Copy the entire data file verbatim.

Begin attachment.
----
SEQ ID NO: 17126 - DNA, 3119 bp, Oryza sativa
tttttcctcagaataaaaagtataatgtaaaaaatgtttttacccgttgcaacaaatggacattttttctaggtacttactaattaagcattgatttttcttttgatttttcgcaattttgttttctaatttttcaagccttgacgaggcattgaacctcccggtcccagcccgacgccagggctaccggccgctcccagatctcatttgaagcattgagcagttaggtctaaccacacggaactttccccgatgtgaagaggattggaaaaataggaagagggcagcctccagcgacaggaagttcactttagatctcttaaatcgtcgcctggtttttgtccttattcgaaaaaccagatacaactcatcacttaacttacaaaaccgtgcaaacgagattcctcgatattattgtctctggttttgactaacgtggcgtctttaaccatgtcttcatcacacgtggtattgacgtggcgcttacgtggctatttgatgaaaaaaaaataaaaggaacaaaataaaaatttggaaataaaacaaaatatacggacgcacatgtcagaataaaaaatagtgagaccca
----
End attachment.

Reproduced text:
SEQ ID NO: 17126 - DNA, 3119 bp, Oryza sativa
tttttcctcagaataaaaagtataatgtaaaaaatgtttttacccgttgcaacaaatggacattttttctaggtacttactaattaagcattgatttttcttttgatttttcgcaattttgttttctaatttttcaagccttgacgaggcattgaacctcccggtcccagcccgacgccagggctaccggccgctcccagatctcatttgaagcattgagcagttaggtctaaccacacggaactttccccgatgtgaagaggattggaaaaataggaagagggcagcctccagcgacaggaagttcactttagatctcttaaatcgtcgcctggtttttgtccttattcgaaaaaccagatacaactcatcacttaacttacaaaaccgtgcaaacgagattcctcgatattattgtctctggttttgactaacgtggcgtctttaaccatgtcttcatcacacgtggtattgacgtggcgcttacgtggctatttgatgaaaaaaaaataaaaggaacaaaataaaaatttggaaataaaacaaaatatacggacgcacatgtcagaataaaaaatagtgagaccca